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Reliance and LG: A tale of two successions

Vinod Mathew

Both the Indian and Korean giants are second-generation Asian companies that set store by corporate governance and Western management philosophies. Both are family-centric and the final call is taken by the core group within the families. The similarities end there.

WHEN Reliance launched Infocomm in December 2002, the Indian company turned to the South Korean conglomerate LG to provide it with mobile handsets. Two years later, Reliance and LG are linked by another common denominator: Succession-related issues but that the two companies are tackling differently.

The battle that rages between Mr Mukesh Ambani and Mr Anil Ambani, with considerable media help, raises questions about washing dirty linen in public. For Indians, attuned to the battles within the corporate houses of Bajajs and Birlas, the Ambani feud is nothing new.

In contrast, a 57-year-old South Korean conglomerate, LG Group, has been quietly crystallising its succession plan, even in the absence of a `proper' heir.

In both cases, it is the son who carries on family affairs. While in India, the fight is over which son gets to control the behemoth, in Korea, it is the son and never the daughter who controls the empire — and the chairman of the Chaebol does not have a son. Instead, he has his younger brother's son.

Both the Indian and Korean giants are second-generation Asian companies that set store by corporate governance and Western management philosophies. Both are family-centric and the final call on crucial issues are taken by the core group within the families.

The similarities end there. The Indian fight has moved to the front pages of financial dailies around the world, with daily blow-by-blow accounts gripping the readers. The LG battle is virtually unknown in India. Last month, the Group Chairman, Mr Bon-Moo Koo, adopted his 26-year-old nephew, Mr Kwang-Mo Koo. Even as LG officials continue to scoff at there being any link between the adoption and the Chaebol's succession plan, dismissing all such talks as speculative, the South Korean media is convinced that it is a blueprint to LG Group's future.

LG Corp. split into LG Corp. and GS Holdings Corp. in July, a process that began five years ago. It was internally debated and without a fuss. After the board met on May 28, eight retail and service firms morphed into GS Holdings and the rest — manufacturing and technology-related businesses — became LG Corp. A month later, the Korean giant split as per a formula that had been decided upon decades ago. Both LG and GS Holdings now list separately in the Korean Stock Exchange. Though the separation resulted in a reshuffle in the top-three positions among the chaebol: Hyundai replaced LG in the second spot behind Samsung.

LG Corp. says the restructuring was designed to strengthen the group's competitive edge and shareholders' value by focussing on manufacturing and shedding the eight service and retail businesses. In the Indian case, Mr Anil Ambani says the concern is about protecting shareholder interest; his older brother, Mukesh, allays fears of investors, saying the recent market cap loss is fully recoverable.

The Korean separation, which was meant to maximise the profits of LG shareholders by boosting business specialisation of key LG companies, Goldstar (GS) the former brand name of LG's electronics products, cleaved the original company into two entities.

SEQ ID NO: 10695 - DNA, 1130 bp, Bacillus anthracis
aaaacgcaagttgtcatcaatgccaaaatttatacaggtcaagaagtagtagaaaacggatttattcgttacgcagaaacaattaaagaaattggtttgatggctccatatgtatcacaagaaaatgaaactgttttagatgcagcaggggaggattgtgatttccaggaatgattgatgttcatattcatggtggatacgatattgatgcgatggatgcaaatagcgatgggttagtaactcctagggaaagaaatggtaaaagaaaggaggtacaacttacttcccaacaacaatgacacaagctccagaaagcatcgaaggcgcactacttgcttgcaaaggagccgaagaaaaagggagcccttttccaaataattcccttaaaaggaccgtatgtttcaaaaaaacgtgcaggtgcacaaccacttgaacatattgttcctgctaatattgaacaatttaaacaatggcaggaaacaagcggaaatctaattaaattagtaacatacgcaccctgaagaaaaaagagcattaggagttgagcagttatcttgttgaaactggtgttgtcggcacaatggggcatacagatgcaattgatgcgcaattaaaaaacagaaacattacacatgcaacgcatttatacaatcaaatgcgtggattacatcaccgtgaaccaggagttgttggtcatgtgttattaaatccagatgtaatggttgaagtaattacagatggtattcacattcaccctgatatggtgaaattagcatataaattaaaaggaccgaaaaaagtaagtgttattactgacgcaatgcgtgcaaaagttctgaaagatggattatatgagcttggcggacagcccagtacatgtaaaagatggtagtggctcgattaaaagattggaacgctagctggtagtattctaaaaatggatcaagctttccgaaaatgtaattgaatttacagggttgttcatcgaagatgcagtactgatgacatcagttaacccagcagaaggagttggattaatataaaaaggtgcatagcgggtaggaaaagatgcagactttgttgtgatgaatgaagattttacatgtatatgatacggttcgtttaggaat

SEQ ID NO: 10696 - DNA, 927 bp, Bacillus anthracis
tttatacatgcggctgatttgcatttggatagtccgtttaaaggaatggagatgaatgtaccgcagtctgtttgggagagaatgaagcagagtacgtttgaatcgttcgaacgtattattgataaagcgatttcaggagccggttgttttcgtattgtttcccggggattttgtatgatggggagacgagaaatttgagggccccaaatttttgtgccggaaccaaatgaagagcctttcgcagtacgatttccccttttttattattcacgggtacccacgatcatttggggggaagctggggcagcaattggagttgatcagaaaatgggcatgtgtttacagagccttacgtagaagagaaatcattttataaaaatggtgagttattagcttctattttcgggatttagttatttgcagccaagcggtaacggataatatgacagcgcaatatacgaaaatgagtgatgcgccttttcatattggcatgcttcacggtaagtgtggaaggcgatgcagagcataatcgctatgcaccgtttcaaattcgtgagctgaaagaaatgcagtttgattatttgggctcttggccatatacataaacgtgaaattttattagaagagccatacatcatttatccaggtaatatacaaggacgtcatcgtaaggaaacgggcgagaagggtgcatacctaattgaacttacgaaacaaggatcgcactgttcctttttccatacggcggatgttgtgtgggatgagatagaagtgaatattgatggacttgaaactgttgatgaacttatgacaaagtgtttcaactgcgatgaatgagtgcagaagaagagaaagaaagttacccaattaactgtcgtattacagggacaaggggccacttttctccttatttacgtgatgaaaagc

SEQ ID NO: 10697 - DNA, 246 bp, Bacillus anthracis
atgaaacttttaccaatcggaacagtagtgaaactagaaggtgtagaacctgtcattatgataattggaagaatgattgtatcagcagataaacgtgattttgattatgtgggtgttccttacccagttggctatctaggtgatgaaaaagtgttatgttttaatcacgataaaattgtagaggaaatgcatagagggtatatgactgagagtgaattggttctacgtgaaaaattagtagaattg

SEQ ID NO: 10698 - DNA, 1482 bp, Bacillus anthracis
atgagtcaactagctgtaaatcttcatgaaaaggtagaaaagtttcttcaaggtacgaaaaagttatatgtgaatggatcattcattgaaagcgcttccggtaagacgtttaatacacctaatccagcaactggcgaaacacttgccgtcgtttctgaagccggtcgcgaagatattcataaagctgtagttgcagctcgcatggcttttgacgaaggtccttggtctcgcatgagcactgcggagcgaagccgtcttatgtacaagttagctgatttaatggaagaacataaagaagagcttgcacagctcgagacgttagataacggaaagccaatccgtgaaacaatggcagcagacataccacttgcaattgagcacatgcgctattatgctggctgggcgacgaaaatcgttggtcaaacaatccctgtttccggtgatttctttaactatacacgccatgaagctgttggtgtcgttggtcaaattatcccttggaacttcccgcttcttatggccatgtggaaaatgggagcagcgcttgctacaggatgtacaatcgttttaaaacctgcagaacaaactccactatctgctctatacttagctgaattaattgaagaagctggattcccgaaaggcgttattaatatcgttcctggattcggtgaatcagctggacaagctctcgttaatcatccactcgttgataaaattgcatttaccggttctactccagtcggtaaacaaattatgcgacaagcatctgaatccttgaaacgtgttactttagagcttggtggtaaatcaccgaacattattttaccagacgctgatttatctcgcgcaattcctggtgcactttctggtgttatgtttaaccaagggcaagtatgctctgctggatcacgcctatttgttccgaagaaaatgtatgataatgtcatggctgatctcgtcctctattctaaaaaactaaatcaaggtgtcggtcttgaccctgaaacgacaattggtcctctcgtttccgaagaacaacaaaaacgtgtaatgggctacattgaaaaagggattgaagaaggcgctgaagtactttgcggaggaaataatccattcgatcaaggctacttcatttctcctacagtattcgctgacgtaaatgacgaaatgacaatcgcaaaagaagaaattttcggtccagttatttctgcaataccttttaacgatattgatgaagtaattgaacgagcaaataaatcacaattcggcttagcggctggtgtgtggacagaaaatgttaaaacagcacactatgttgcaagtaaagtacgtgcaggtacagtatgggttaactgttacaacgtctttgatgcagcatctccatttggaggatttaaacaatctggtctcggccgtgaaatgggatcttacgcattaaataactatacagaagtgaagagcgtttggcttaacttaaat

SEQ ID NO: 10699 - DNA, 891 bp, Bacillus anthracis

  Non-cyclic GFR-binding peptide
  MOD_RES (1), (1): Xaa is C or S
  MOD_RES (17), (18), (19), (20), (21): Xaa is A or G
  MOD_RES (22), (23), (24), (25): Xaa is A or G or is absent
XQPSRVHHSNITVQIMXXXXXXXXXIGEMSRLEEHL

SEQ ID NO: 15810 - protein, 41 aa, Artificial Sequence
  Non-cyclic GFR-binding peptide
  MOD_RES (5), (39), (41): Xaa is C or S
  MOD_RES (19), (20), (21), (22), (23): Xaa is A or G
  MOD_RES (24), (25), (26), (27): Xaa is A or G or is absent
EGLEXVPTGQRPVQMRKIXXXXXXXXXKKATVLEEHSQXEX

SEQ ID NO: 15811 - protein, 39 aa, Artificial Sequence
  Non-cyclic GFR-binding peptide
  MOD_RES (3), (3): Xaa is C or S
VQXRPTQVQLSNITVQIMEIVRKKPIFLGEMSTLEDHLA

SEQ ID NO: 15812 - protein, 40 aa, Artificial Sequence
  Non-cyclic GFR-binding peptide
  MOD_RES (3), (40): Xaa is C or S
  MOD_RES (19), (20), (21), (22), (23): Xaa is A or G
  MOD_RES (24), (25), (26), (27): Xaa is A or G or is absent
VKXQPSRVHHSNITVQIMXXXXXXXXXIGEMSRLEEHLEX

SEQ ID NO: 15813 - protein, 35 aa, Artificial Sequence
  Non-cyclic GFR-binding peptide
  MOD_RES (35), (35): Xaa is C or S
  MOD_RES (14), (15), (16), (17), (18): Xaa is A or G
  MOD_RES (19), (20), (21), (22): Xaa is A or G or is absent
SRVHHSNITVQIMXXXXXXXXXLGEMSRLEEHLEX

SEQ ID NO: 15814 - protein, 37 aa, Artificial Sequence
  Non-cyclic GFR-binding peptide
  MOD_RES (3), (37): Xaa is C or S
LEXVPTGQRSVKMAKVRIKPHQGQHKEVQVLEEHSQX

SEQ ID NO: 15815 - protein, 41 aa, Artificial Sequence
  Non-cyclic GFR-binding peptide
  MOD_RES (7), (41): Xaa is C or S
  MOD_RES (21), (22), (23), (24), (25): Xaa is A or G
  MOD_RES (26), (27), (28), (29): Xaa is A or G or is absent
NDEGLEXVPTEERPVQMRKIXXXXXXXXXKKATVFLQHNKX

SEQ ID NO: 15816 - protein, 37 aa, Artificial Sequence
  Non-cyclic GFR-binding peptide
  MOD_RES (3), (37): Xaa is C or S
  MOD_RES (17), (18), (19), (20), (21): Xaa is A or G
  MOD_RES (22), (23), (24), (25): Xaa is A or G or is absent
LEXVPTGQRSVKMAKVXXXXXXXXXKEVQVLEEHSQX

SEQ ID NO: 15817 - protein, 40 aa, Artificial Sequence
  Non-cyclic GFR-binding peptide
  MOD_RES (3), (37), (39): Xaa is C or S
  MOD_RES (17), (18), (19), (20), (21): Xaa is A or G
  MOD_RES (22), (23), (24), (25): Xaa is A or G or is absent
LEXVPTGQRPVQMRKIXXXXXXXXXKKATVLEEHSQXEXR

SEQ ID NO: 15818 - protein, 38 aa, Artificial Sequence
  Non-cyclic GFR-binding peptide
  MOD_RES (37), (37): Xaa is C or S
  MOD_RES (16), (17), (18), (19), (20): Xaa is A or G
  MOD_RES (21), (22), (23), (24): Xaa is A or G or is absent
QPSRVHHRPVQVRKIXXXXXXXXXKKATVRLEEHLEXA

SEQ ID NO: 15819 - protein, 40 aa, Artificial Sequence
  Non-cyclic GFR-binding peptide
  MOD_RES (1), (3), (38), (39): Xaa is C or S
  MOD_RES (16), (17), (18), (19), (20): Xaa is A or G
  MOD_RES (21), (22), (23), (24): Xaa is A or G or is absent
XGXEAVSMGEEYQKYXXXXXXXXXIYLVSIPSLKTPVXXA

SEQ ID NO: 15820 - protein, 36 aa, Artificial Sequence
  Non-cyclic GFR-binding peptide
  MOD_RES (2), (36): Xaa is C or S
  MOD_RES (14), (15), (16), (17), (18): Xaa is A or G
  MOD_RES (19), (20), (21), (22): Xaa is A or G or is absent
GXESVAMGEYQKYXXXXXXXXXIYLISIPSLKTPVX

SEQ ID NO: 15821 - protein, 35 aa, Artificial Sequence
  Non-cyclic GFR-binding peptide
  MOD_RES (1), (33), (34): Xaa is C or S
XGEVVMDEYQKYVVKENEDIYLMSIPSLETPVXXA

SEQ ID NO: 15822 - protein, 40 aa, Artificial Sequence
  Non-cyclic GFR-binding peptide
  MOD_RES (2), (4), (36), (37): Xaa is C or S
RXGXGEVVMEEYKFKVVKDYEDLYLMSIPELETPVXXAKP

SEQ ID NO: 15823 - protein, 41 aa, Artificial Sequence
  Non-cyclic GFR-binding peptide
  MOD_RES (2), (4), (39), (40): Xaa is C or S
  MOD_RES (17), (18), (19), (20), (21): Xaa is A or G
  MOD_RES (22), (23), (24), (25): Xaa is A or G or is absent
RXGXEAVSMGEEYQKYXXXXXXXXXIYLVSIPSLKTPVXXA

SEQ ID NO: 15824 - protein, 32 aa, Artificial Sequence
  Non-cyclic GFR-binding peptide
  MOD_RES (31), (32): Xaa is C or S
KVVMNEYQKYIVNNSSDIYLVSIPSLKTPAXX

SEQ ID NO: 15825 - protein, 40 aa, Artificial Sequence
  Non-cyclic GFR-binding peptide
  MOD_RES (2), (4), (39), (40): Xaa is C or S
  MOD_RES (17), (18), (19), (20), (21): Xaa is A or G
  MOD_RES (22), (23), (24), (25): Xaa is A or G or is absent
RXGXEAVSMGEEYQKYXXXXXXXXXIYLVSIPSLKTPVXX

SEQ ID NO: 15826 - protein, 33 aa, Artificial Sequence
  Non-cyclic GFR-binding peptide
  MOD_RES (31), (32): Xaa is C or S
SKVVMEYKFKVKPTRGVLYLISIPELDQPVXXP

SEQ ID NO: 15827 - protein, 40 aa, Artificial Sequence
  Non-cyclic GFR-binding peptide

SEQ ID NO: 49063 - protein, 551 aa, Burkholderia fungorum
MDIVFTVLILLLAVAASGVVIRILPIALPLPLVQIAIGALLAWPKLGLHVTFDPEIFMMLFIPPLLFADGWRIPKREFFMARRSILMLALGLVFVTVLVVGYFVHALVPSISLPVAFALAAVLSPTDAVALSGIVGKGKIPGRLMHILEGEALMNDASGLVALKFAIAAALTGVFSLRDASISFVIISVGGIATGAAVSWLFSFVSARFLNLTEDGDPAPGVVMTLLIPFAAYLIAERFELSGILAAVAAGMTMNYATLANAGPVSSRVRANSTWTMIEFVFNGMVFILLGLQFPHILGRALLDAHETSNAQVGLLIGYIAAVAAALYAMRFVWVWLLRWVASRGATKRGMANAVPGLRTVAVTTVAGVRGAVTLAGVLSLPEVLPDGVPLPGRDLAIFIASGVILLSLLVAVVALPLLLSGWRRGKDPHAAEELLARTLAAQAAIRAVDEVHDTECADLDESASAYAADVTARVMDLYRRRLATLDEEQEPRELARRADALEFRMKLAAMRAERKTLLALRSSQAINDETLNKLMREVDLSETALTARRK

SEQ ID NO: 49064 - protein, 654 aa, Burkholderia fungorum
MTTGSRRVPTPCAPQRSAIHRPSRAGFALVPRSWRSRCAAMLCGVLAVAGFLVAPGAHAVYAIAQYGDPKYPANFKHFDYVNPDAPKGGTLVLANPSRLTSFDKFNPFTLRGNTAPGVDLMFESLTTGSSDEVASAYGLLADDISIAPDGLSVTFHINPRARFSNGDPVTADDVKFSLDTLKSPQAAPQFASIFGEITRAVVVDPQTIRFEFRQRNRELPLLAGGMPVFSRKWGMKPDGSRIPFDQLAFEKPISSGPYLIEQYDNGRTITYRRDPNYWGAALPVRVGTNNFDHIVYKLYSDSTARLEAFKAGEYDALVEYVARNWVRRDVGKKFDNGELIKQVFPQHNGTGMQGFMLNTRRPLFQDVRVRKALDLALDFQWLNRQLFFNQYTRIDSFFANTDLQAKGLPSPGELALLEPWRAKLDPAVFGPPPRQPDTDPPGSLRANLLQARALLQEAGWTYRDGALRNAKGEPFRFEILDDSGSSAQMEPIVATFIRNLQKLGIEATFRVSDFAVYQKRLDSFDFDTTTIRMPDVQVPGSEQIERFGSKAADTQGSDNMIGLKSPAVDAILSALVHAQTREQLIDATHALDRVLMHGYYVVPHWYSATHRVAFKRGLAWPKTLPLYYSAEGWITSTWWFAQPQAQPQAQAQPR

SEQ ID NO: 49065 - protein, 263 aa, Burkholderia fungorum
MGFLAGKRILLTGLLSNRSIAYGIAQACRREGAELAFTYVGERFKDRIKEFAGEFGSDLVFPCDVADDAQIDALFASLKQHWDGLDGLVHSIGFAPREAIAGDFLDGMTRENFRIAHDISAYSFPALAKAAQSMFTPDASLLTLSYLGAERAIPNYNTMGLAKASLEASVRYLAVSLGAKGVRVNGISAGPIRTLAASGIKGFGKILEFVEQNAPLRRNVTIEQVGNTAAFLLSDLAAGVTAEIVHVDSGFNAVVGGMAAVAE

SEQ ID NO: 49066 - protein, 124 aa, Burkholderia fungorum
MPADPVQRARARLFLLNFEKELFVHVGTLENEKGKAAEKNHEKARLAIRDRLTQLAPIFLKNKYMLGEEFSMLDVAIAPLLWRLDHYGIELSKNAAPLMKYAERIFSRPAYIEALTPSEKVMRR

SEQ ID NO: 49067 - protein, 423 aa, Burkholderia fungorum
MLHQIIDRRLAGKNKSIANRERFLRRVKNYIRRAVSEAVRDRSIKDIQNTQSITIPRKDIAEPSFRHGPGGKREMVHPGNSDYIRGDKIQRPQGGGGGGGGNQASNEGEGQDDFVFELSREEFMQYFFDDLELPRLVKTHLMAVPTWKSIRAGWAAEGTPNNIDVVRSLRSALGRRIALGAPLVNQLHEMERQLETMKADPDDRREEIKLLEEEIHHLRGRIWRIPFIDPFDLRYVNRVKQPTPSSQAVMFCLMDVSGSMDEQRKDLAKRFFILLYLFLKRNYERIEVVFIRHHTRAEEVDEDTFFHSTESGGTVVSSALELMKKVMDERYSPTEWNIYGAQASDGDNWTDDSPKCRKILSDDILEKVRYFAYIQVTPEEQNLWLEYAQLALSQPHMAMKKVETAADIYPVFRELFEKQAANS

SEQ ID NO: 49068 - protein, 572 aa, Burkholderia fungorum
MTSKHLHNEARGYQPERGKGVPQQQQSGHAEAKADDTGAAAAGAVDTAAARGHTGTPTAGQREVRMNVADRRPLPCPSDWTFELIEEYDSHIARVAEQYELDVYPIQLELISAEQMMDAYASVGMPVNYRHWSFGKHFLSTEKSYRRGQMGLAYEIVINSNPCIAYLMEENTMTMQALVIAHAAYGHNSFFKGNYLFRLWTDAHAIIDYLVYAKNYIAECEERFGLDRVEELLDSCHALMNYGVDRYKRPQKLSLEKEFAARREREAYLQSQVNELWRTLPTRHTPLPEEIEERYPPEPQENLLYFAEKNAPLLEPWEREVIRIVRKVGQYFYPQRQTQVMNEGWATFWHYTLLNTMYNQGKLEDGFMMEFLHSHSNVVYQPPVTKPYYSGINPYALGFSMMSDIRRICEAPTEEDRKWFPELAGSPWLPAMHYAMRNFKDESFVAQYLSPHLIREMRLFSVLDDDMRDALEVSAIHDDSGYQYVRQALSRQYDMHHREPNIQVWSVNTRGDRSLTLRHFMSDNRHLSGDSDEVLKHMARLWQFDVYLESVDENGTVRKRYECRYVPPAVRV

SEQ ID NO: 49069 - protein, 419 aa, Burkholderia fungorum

LG Corp now serves as the holding company for manufacturing companies under LG Group, such as home appliance maker, LG Electronics, LG Chem (earlier Lucky Chemical) and LG Telecom. GS Holdings Corp is the holding company for the retail units of LG Group, including LG Mart, LG Home Shopping and LG-Caltex Oil.

Over nearly six decades, the erstwhile Lucky Goldstar was controlled by the progeny of the two founding partners — Mr In-Hwoi Koo and Mr Joon-Koo Hur.

As per an agreement between them, the Koo family became hands-on managers of the group businesses, while the Hur family opted to be sleeping partners. And till date, the two families have never had any public dispute, either on ownership issues or on control over the group companies.

And when the group was split with effect from July 1, 2004, the consolidated assets were divided as per the formula laid down many decades back, at a 6.5:3.5 ratio between LG Corp and GS Holdings Corp respectively.

Post-demerger, LG Corp.'s capital base of 1,352.9 billion Won was divided into 879.4 billion Won in favour of LG and 473.5 billion for GS, the approximate conversion rate being 1,000 Korean Won per one US dollar. And the 6,175-billion Won asset base of the undivided company was carved up into 3,995 billion Won for LG and 2,180 billion Won for GS.

Thus, a split approved by the LG Corp board of directors on May 28 has seen six months ago by with almost no damage being wreaked on the group's image with the public. LG Electronics India, which at Rs 6,500 crore currently accounts for nearly 5 per cent of the company's global total turnover, is expected to double its share by 2010 by becoming a $10 billion unit, where export earnings alone would account for $ 3 billion.

Clearly, there has not been much of a negative fallout on account of the recent split within LG Corp and the ongoing succession issue that is getting a discreet treatment.

In contrast is the Indian case, with e-mails between the Chairman and Vice-Chairman of Reliance Industries being made public in a serialised fashion and private talks within the Ambani household and even the goings-on in the group company board meetings get spilled over into public domain.

Perhaps, it is time to look to LG for more than mere handsets.

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